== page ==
Bushism Made Catholic
When Bush met with journalists from religious publications last year, the living authority he cited most often was not a fellow Evangelical but a man he calls Father Richard, who, he explained, "helps me articulate these [religious] things." A senior Administration official confirms that Neuhaus "does have a fair amount of under-the-radar influence" on such policies as abortion, stem-cell research, cloning and the defense-of-marriage amendment.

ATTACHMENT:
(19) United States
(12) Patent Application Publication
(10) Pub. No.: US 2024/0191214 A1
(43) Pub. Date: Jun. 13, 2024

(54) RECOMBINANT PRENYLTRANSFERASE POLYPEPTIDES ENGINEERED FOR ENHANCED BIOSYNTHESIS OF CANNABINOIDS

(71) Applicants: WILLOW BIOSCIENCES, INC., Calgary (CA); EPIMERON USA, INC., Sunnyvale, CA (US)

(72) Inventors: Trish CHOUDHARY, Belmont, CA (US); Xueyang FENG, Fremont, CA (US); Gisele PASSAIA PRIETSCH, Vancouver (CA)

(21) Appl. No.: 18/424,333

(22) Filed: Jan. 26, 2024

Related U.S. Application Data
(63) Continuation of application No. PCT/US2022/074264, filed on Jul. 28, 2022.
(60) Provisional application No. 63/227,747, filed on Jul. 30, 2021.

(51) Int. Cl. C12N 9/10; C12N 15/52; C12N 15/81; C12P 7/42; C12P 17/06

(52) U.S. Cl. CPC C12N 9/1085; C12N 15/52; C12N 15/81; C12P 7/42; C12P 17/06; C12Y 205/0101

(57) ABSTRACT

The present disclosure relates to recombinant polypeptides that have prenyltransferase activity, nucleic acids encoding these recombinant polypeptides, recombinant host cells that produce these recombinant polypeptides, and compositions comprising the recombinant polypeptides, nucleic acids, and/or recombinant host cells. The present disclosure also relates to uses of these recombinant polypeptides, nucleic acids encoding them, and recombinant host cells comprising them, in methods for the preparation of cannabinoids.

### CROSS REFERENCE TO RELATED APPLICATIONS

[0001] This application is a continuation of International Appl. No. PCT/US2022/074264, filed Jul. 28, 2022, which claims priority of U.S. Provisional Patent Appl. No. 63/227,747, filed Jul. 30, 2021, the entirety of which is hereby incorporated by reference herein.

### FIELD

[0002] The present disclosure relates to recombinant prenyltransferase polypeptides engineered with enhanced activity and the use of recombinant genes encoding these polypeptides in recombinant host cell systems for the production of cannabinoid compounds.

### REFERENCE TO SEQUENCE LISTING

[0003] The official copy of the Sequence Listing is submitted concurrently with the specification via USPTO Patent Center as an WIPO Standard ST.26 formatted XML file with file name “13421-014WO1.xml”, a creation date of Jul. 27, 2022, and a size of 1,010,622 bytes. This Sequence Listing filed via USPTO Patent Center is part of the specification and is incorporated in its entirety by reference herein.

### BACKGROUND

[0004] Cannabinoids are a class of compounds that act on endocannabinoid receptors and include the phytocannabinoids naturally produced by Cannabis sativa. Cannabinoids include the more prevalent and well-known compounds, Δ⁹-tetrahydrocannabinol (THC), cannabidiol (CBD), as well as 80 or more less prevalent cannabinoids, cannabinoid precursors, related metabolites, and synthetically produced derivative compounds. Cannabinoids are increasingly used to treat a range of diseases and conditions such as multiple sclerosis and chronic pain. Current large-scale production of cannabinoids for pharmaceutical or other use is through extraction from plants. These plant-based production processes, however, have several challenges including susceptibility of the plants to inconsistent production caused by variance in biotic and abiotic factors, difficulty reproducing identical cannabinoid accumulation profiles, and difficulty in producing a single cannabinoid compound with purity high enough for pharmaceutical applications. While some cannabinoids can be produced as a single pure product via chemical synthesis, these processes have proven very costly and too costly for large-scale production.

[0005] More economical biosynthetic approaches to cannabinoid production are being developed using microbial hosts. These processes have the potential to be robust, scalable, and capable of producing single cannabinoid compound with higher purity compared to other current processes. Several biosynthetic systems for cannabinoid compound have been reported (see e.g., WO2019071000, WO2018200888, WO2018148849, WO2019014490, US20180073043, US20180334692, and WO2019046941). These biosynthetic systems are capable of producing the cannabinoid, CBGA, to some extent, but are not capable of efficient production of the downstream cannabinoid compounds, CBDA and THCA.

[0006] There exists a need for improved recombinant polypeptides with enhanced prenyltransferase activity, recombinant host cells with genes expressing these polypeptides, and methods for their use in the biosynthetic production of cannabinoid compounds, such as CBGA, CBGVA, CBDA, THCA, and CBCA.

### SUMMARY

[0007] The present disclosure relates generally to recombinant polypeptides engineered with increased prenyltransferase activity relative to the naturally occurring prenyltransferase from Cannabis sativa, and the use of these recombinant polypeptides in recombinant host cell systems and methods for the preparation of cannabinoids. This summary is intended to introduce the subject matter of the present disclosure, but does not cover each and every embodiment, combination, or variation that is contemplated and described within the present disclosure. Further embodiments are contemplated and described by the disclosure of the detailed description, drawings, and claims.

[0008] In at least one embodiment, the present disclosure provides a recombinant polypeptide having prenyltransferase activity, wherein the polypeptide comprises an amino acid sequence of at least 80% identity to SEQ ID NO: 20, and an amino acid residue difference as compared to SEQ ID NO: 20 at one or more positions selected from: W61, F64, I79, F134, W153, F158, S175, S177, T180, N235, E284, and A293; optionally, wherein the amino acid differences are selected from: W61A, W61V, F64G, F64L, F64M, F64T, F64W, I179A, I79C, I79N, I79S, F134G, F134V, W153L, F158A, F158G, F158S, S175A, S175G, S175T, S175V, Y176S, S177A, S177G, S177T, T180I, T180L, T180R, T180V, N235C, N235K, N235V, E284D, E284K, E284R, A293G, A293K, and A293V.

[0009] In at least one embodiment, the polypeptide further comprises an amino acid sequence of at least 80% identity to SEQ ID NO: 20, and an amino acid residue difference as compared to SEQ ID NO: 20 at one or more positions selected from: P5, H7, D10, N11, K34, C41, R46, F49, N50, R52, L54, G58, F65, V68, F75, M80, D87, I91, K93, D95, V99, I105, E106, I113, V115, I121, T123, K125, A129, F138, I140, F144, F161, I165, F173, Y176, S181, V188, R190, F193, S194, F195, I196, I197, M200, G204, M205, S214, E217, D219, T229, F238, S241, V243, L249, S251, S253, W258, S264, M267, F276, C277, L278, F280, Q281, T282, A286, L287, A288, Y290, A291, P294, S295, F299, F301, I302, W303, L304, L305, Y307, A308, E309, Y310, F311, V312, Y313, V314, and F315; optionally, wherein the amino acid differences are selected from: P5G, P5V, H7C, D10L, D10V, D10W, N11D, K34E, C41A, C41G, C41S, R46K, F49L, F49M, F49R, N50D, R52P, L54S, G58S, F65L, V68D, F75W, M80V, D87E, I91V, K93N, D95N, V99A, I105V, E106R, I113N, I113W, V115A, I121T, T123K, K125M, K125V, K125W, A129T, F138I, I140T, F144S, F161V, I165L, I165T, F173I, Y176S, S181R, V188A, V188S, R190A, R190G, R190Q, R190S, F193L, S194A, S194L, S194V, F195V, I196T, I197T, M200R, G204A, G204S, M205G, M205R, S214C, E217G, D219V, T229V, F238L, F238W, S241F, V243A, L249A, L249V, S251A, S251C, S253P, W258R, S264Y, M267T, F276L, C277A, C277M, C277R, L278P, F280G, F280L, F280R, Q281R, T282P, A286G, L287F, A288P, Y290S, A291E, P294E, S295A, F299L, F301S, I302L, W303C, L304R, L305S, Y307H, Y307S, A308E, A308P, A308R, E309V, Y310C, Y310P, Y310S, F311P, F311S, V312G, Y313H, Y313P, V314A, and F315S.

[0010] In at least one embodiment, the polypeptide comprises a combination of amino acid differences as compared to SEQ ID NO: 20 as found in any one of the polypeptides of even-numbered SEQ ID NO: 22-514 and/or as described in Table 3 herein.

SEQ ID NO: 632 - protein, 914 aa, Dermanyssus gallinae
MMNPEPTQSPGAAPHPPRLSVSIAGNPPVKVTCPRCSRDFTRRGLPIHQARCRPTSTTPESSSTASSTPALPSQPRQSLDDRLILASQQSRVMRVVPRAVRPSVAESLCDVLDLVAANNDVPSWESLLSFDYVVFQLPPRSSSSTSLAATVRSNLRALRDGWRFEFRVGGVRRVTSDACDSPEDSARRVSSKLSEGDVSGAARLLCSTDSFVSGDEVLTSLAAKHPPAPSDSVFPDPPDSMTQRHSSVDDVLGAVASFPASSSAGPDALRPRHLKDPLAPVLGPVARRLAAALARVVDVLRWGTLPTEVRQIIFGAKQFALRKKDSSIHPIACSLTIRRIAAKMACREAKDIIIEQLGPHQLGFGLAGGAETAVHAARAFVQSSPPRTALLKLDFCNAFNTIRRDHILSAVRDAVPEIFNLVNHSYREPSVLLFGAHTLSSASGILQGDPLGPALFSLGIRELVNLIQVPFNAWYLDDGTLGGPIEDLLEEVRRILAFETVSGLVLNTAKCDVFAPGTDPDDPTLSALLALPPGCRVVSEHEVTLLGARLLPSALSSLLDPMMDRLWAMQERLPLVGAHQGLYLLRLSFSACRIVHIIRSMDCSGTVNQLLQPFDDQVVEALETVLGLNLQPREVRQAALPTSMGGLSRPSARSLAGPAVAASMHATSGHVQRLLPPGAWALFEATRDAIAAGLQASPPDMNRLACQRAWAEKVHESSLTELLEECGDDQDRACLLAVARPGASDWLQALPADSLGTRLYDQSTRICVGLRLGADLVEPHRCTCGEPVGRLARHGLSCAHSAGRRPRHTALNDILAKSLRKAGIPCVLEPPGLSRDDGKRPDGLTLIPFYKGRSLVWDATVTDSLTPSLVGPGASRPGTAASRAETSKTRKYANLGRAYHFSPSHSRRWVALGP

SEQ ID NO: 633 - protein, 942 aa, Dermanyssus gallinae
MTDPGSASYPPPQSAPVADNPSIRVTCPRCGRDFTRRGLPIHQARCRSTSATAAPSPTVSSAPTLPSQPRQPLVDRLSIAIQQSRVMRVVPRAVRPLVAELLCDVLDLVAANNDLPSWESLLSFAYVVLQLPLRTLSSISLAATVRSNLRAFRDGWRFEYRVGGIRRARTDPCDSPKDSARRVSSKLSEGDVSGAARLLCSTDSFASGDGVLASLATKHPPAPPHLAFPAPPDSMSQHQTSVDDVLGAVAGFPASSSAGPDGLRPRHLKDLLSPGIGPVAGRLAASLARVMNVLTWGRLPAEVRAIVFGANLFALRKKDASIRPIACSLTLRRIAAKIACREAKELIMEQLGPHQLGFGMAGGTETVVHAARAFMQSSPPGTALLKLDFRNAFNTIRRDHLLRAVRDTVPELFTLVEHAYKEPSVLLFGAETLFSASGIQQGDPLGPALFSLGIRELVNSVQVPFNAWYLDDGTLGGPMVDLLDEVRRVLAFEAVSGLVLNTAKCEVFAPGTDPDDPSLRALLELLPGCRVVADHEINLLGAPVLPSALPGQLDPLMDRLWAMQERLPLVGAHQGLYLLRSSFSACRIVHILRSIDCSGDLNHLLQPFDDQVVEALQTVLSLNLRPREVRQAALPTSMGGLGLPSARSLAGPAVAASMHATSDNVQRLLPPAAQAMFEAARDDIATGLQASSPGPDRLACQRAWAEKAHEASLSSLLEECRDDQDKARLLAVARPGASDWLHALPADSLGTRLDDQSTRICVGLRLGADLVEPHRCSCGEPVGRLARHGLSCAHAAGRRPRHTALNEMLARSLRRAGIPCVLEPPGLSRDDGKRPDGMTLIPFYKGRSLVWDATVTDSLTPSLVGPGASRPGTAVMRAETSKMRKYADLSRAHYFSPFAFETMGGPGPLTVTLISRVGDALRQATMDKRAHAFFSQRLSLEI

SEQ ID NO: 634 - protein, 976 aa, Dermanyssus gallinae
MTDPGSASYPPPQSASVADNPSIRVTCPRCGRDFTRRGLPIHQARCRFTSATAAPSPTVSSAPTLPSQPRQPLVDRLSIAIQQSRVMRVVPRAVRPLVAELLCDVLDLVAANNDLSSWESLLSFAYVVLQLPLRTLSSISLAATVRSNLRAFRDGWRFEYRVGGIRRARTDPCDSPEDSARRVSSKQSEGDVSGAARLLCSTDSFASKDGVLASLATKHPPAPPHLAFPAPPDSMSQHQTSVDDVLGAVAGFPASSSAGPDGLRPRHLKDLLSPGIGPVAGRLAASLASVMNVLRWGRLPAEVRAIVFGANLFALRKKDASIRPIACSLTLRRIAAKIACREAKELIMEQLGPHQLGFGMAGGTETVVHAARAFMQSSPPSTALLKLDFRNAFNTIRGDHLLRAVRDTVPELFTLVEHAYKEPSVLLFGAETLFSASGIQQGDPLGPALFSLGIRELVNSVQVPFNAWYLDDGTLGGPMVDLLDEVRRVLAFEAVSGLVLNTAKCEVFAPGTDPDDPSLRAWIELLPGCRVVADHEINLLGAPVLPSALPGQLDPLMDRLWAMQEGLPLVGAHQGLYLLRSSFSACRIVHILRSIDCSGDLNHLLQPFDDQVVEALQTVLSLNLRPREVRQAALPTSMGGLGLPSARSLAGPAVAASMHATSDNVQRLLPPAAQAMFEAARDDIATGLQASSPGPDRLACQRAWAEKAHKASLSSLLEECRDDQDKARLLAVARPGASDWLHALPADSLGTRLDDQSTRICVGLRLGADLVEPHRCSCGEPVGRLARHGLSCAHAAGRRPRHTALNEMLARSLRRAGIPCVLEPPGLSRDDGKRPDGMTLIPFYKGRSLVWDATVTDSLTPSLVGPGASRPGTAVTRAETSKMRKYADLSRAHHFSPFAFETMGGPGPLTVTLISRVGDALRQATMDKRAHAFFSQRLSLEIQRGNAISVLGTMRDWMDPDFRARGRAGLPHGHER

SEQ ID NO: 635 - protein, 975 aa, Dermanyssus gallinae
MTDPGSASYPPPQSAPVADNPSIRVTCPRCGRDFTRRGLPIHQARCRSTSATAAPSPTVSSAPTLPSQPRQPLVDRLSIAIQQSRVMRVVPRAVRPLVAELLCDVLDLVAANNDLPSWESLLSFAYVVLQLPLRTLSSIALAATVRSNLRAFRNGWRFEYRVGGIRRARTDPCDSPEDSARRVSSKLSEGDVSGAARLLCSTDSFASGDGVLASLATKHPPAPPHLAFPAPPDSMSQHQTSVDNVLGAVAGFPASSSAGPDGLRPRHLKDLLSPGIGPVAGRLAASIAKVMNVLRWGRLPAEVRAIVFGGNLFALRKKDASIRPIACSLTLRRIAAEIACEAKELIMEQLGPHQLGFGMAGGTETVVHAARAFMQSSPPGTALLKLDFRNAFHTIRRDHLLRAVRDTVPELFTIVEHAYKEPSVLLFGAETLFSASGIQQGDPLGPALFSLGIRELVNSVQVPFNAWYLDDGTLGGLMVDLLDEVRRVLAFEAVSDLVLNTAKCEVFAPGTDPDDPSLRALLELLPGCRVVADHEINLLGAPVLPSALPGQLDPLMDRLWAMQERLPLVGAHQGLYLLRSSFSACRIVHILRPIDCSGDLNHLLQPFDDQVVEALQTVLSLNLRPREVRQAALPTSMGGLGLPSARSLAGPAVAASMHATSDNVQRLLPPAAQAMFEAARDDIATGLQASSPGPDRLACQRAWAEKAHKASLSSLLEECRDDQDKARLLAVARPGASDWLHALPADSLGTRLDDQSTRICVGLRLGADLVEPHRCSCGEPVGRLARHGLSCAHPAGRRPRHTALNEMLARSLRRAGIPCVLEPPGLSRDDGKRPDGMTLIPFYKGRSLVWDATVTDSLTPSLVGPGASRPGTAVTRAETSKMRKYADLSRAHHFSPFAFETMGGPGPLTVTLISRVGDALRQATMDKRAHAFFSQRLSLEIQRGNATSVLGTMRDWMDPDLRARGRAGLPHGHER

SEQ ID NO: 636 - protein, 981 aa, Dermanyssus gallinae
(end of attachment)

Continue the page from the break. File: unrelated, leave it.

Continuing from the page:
Neuhaus, 68, is well-prepared for that role. As founder of the religion-and-policy journal First Things, he has for years articulated toughly conservative yet nuanced positions on a wide range of civic issues. A Lutheran turned Catholic priest, he can translate conservative Protestant arguments couched tightly in Scripture into Catholicism's broader language of moral reasoning, more accessible to a general public that does not regard chapter and verse as final proof. And there is one last reason for Bush to cherish Neuhaus, who has worked tirelessly to persuade conservative Catholics and Evangelicals to make common cause. It's called the conservative Catholic vote, and it played a key role last November.
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